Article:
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Art Hag on Peculiar Craft by Pam Wong

Queer + Peculiar Craft | The Clemente Currently on view at The Clemente in the Lower East Side is Queer + Peculiar Craft, an exhibition of contemporary ceramics and textiles that examines identity and challenges viewers' expectations of craft.

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Curated by Andrew Cornell Robinson, the exhibit showcases “an inter-sectional group of artists who explore craft to transgress expectations of traditional materials, methods, and meaning,” according to the show’s press release. The show features a diverse selection of subversive work that includes pottery, quilting, cross-stitching, printmaking, and crochet employed in unconventional and refreshing ways.

Plug (Yellow, Black and White)Stoneware, glaze, stain, cork, 16 x 7 x 7 inches

One artist featured in the show, Koren Christofides, explores feminism through ceramics. In an email, Robinson explained that some of Christofides' works are soft sculptures made with industrial ceramic fiber insulation covered in paper clay, resulting in pieces that are simultaneously “familiar and strange.” For his prismatic quilts featuring erotic males nudes, Greg Climer reinterprets traditional quilt-making methods by “creating the fabric fragments rather than upcycling scraps,” according to the exhibition essay.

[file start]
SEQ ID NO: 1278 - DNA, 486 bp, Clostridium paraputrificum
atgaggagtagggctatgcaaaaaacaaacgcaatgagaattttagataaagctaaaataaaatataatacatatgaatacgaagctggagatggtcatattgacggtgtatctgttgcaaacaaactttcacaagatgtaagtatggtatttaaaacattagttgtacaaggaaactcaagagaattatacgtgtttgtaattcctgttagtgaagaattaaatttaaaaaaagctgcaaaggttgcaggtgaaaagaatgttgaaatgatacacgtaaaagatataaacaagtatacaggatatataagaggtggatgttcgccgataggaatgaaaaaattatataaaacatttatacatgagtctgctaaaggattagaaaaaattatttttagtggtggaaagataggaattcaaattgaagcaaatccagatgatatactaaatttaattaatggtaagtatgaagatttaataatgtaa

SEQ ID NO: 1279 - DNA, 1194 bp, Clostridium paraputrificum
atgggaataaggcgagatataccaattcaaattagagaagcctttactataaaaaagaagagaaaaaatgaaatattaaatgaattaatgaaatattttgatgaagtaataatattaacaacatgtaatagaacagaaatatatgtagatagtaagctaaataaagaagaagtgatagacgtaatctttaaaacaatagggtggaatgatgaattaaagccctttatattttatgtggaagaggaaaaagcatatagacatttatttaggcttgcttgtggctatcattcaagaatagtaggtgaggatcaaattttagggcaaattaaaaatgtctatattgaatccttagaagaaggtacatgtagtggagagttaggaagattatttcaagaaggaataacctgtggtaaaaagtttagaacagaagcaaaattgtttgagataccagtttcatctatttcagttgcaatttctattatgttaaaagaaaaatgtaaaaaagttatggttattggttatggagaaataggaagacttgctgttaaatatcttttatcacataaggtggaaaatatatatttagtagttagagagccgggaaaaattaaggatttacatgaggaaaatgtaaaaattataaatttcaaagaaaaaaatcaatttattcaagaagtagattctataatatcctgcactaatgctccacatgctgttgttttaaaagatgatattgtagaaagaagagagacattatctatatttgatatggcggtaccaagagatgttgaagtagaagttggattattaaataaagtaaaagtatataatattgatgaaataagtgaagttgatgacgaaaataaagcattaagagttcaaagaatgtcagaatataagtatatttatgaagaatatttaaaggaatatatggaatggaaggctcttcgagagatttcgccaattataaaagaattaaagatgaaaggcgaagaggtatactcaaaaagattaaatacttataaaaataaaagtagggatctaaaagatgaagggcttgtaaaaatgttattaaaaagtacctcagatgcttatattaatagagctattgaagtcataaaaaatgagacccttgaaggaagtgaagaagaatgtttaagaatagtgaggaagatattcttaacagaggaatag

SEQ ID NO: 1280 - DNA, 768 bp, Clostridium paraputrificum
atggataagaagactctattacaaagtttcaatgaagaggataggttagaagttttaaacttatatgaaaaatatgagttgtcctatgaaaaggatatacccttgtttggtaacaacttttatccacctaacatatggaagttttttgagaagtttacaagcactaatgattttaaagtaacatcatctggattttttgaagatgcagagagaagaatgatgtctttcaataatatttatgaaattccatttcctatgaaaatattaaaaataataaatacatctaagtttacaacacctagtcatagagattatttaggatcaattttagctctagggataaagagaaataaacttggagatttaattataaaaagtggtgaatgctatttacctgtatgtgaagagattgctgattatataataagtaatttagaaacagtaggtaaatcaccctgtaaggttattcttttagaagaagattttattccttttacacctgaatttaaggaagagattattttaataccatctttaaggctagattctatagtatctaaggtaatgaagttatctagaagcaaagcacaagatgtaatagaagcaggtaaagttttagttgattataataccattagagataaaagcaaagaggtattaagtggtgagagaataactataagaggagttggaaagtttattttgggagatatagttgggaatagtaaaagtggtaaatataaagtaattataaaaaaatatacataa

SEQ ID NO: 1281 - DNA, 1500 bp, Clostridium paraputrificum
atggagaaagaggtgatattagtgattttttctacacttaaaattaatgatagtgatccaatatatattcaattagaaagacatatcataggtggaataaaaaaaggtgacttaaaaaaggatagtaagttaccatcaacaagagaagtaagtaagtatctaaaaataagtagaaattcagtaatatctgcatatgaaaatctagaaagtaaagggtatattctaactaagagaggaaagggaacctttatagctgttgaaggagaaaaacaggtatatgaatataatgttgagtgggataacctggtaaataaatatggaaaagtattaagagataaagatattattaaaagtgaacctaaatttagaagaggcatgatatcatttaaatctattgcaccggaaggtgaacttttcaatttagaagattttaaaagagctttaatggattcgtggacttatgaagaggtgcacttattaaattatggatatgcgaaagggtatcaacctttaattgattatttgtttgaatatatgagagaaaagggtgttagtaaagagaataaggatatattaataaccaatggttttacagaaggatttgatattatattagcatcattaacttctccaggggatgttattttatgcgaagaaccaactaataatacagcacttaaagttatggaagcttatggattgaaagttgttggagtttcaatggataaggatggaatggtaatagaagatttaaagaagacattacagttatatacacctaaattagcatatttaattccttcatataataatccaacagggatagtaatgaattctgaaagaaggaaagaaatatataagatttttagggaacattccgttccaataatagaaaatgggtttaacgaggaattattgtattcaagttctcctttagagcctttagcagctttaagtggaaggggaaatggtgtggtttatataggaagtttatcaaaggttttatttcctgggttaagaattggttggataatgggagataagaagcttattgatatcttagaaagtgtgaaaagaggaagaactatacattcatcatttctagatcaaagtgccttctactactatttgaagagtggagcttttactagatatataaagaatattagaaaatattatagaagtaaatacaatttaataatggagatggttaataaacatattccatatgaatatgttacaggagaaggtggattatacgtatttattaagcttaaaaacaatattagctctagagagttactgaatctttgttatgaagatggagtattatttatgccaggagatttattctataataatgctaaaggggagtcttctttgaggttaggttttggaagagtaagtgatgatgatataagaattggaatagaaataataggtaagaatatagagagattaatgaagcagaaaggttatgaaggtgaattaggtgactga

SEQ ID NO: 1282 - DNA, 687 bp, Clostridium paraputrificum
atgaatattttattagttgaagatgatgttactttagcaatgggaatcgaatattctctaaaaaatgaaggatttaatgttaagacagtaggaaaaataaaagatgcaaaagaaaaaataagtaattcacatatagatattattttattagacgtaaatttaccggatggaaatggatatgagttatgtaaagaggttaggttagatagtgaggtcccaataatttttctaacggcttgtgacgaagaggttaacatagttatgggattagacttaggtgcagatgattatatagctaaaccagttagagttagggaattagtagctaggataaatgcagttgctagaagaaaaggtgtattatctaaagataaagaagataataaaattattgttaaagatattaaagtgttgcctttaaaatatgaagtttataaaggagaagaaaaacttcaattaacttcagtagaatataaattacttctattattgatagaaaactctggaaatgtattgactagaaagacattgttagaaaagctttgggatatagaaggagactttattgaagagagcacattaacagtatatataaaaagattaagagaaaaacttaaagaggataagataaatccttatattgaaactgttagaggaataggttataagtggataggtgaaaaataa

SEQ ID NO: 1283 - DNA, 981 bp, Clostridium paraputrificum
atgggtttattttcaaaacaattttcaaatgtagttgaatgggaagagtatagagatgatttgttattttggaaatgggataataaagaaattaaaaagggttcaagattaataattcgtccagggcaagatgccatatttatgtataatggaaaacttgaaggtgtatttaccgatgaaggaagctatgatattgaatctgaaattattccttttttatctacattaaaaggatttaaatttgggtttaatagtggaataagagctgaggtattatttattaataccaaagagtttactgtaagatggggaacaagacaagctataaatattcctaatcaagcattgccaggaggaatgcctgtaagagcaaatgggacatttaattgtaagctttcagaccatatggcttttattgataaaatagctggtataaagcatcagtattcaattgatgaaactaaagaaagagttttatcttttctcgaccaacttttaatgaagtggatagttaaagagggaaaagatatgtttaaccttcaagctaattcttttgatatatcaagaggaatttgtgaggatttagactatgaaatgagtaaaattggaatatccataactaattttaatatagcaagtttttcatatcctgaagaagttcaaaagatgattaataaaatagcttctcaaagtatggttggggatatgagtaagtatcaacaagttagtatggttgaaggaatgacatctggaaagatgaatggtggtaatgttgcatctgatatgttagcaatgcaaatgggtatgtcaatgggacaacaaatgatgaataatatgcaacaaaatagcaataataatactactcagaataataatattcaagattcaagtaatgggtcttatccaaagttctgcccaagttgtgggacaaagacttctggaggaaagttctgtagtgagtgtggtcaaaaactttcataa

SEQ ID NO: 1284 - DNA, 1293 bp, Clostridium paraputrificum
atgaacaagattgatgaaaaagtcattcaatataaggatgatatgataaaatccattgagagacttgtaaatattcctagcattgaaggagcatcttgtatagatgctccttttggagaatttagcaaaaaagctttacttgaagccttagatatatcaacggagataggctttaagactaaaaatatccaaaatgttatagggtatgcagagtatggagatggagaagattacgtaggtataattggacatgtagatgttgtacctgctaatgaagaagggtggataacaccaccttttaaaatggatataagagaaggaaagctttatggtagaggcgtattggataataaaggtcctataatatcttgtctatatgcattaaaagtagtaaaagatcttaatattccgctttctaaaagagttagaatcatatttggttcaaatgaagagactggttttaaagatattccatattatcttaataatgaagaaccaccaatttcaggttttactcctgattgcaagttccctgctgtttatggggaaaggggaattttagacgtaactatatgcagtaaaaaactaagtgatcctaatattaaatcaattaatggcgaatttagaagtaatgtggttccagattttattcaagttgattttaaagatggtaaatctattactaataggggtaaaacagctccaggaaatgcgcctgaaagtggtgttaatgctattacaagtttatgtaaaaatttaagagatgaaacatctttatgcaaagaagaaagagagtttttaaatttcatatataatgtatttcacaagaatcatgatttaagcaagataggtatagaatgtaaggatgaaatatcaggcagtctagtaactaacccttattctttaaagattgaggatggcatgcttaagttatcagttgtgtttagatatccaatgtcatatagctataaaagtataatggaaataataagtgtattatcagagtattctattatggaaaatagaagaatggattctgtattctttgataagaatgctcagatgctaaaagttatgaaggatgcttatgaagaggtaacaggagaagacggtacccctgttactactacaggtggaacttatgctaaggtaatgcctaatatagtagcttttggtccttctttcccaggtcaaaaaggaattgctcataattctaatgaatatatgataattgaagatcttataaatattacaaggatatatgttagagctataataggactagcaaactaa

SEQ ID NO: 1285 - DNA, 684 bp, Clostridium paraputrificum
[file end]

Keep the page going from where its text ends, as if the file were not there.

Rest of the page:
Phoenix Lindsey-Hall’s ceramic sculptures play with “repetition and formalism,” according to Robinson. “It uses that formalism to include queer stories within the framework of contemporary aesthetics.” Her Fourteen Blows features a row of white porcelain claw hammers—a weapon used in hate crimes against members of the LGBTQ community—protruding limply from a wall. Robinson’s own ceramic and mixed media sculptures included in the show “explore historical customs as a metaphor for queer-baiting and conformity.” The sculptures in his Jamon Jamon series reference a medieval Spanish custom in which hosts offered ham to visitors to “sniff out heresy during the inquisition when the pious were looking for expressions of distaste in response to the offer of sliced pork,” the exhibit essay explains. His Jamon Jamon sculptures are a “metaphor about being ‘suspected’ and ‘queer-baited’ as a gay man." Inspiration for Queer + Peculiar Craft came from a 1993 interview with the late artist Felix Gonzalez-Torres for A.R.T. Press. When asked about the lack of “overt political or Latino content” in his work, Gonzalez-Torres responded: “I’m not a good token. I don’t wear the right colors. I have my own agenda. Some people want to promote multiculturalism as long as they are the promoters, the circus directors. We have an assigned role that’s very specific, very limited….” “[Gonzalez-Torres] expressed an impatience that I could identity with as a gay man making art,” Robinson noted. “I felt empowered by his question, ‘Who is going to define my culture?’”


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